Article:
I spotted the cover of The Cars That Ate Paris DVD while waiting in line today at Barnes & Noble. I’ve got to see this one of these days, no matter how bad it might be, according to various reviews on Rotten Tomatoes.
Enter Peter Weir.His recent career is bedecked with such worthwhile films asWitness, Dead Poets Society, and The Truman Show. And for such, we should be grateful. But his early career has such a blot on it that natural selection should have diverted his career into public access documentaries and “little” films.
That blot is The Cars That Ate Paris.
The hour of sleep I got last night just wasn’t quite enough, so real updates (including the Star vs. Pitch tiff over TIF) probably won’t happen until this weekend. In the meantime:
– ATA interim budget info
– Letter to the editor of the Star re: TIF and ATA sales tax: “Obviously The Star was out of the loop as well.”
– But the plans for the ‘South Loop’ don’t seem to mention the bus rapid transit that will stop right in the district.
Blake Cordish, who is in charge of the proposed Kansas City endeavor, said the metropolitan audience figures as much in his company’s plans as do conventioneers and other out-of-town visitors. “We believe it’s not going to be solely a tourist project, but a project based on the region itself,” he said. “The most important thing is the residents of Kansas City, people who live within a 25-minute drive time.”We want to persuade those people to get into a car and drive downtown.”
The first phase includes up to 425,000 square feet of retail, up to 650,000 square feet of office space and three garages with 2,250 spaces, city officials said.
Udris said the public cost would be up to $150 million in the form of local and state tax incentives to cover land acquisition, demolition, parking and infrastructure improvements. It would not require a public vote, he said. Much of the assistance would come from existing local tax-incentive programs, along with the new Missouri Downtown Economic Stimulus Act, which diverts some new state revenue to assist downtown redevelopment projects.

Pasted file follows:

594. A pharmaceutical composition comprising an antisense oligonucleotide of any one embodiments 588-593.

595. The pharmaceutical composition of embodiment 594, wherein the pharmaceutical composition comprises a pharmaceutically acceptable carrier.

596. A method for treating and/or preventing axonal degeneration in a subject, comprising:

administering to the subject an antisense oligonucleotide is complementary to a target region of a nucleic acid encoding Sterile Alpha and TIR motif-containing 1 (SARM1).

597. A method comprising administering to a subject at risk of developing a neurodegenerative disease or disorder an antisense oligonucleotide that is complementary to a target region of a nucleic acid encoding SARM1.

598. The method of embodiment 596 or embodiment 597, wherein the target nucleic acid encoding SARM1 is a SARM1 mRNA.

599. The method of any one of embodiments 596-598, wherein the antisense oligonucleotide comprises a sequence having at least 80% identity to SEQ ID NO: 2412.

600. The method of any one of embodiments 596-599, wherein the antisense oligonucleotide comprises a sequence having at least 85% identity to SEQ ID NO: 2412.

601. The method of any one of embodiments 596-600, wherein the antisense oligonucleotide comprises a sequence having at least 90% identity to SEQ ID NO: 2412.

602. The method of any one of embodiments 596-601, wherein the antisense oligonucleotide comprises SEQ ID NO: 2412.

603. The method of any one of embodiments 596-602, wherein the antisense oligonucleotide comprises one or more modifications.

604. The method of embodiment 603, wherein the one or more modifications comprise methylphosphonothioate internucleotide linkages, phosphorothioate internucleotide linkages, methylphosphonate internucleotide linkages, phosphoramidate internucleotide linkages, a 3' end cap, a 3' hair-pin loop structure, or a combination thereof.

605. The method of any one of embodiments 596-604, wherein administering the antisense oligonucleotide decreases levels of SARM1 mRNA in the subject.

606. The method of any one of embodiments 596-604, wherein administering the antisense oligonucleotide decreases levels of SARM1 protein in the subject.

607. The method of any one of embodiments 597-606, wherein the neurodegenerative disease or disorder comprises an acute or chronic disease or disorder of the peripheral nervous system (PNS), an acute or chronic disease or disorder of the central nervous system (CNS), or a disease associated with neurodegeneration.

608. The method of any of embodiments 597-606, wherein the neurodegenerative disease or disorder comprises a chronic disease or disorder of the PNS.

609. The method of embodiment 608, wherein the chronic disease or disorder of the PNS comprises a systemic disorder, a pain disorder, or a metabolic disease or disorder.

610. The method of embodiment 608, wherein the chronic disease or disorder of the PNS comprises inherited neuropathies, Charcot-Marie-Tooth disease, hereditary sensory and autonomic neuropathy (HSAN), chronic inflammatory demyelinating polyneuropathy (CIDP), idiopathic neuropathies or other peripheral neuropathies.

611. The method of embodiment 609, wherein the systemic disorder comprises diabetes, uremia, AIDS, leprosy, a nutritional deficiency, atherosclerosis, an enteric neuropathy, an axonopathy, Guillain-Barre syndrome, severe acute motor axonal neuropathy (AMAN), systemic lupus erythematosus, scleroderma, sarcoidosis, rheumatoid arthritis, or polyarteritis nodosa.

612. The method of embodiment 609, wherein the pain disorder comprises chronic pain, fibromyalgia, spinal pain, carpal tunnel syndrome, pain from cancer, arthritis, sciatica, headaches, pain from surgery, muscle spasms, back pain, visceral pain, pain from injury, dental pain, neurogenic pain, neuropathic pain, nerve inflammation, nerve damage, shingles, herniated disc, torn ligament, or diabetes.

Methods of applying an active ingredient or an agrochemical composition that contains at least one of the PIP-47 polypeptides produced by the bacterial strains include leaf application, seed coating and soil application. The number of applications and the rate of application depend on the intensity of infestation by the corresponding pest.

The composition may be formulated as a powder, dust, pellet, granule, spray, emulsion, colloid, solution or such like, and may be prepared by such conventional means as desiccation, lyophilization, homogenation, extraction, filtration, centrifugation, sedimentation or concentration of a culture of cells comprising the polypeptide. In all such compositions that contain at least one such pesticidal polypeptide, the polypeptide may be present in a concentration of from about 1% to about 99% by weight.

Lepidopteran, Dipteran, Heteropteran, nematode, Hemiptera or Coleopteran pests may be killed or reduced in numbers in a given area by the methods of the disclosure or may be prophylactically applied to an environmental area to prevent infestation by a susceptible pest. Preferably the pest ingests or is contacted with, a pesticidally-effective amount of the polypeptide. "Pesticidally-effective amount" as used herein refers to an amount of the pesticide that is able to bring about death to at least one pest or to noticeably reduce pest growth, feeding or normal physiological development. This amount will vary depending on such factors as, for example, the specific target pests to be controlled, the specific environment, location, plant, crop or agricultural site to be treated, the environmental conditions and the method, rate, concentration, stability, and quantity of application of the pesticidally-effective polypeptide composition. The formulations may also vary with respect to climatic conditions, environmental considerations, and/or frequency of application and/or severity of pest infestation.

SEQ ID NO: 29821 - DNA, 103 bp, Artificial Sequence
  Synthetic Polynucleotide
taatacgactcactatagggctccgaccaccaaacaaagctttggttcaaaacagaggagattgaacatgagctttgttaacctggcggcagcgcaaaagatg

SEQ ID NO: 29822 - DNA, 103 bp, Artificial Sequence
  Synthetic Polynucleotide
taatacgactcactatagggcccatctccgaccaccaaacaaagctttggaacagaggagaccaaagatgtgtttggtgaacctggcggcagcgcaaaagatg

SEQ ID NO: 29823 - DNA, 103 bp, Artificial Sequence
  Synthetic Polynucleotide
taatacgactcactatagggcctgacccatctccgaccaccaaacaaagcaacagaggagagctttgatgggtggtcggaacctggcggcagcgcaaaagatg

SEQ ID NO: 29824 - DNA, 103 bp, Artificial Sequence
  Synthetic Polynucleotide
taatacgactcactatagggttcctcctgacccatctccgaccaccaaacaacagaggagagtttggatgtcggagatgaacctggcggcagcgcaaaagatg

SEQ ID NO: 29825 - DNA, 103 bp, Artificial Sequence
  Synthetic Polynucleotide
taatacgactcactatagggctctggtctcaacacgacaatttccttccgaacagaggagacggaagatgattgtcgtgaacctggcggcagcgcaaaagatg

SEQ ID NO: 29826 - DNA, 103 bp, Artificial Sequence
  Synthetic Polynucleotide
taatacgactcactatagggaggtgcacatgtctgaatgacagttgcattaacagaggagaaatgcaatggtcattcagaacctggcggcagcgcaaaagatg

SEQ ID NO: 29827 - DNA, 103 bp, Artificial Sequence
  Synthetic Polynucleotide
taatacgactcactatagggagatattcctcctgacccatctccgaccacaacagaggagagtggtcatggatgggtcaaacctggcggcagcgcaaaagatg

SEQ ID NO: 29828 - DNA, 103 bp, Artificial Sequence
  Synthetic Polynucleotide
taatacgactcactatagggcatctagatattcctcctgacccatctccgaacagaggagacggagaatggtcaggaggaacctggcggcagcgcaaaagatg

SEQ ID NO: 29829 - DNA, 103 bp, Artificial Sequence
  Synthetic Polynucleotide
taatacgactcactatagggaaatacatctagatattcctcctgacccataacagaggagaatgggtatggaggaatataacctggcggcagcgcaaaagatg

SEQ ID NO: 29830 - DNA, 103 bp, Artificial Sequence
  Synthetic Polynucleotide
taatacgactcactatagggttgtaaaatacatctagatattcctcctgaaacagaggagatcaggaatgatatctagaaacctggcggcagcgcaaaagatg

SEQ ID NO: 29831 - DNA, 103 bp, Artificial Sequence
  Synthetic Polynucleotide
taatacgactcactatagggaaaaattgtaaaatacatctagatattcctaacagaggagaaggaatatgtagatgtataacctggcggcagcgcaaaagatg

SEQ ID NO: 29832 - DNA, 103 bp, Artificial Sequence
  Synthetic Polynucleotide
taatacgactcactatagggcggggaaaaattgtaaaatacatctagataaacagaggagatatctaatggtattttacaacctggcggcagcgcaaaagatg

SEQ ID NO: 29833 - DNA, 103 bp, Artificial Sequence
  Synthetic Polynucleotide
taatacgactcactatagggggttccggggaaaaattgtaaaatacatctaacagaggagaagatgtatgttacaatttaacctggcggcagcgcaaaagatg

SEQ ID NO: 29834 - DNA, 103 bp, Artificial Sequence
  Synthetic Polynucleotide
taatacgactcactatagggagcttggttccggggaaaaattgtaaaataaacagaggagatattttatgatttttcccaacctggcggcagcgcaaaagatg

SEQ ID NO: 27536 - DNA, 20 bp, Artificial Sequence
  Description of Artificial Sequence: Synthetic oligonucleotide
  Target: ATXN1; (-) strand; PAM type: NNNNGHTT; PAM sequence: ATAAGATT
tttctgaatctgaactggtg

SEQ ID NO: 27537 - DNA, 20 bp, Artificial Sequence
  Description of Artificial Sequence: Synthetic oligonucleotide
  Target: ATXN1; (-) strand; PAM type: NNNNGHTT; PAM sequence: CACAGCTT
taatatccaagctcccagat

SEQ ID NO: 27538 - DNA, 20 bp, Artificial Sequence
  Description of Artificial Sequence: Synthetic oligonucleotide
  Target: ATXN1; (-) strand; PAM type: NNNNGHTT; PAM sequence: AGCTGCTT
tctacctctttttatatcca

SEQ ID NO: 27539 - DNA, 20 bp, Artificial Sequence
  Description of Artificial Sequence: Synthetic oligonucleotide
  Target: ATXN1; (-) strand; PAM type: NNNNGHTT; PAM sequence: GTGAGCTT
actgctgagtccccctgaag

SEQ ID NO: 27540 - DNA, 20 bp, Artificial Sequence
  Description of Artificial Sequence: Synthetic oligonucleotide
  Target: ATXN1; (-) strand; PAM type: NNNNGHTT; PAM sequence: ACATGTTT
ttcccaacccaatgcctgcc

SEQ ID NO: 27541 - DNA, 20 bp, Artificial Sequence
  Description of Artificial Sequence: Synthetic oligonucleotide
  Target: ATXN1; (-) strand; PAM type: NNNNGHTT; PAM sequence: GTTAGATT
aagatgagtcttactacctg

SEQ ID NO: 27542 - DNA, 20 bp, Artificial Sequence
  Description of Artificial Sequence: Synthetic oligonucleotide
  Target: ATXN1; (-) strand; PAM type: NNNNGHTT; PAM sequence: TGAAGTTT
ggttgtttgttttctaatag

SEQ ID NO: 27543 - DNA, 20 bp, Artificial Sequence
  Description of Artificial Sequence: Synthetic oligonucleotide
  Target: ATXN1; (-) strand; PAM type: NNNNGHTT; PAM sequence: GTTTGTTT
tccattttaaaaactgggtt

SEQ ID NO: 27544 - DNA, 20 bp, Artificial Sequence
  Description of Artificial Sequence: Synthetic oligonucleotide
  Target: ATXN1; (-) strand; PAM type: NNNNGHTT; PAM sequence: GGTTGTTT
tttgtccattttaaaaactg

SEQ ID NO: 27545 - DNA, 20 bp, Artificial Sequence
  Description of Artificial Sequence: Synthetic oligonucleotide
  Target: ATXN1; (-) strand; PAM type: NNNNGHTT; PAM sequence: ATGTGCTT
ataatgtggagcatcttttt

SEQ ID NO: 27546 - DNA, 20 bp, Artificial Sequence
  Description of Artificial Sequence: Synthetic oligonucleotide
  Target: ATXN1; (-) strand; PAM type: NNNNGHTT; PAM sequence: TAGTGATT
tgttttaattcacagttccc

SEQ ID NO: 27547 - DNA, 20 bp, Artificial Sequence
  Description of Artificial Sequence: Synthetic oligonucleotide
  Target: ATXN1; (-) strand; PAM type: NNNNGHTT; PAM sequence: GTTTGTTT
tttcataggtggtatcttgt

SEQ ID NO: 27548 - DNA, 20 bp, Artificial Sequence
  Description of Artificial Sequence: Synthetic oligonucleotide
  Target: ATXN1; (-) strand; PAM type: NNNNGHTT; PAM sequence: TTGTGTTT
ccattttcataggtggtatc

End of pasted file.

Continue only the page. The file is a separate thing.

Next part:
The city also would like to collect a one-cent sales tax within the district similar to a transportation district tax already levied in the Country Club Plaza to help cover the cost of parking garages, Udris said. That tax would allow the planned entertainment district to offer free parking on evenings and weekends, except when there are special events.
One of the proposed garages would have 1,000 spaces and be on the site of the old Jones Store. The second garage would be underground below the planned office building and hold 1,250 spaces. The third, 250-space garage is proposed north of the President Hotel.
– And later today H&R Block announced it would build new headquarters at 13th & Main, which would be in the new ‘South Loop’ entertainment district.
Block’s headquarters will bring more than 1,200 employees to the district. More important, the company will generate taxes that can be diverted to support construction of parking garages and other public amenities. This reimbursement could come through tax increment financing and the Missouri Downtown and Rural Economic Stimulus Act, better known as Modesa.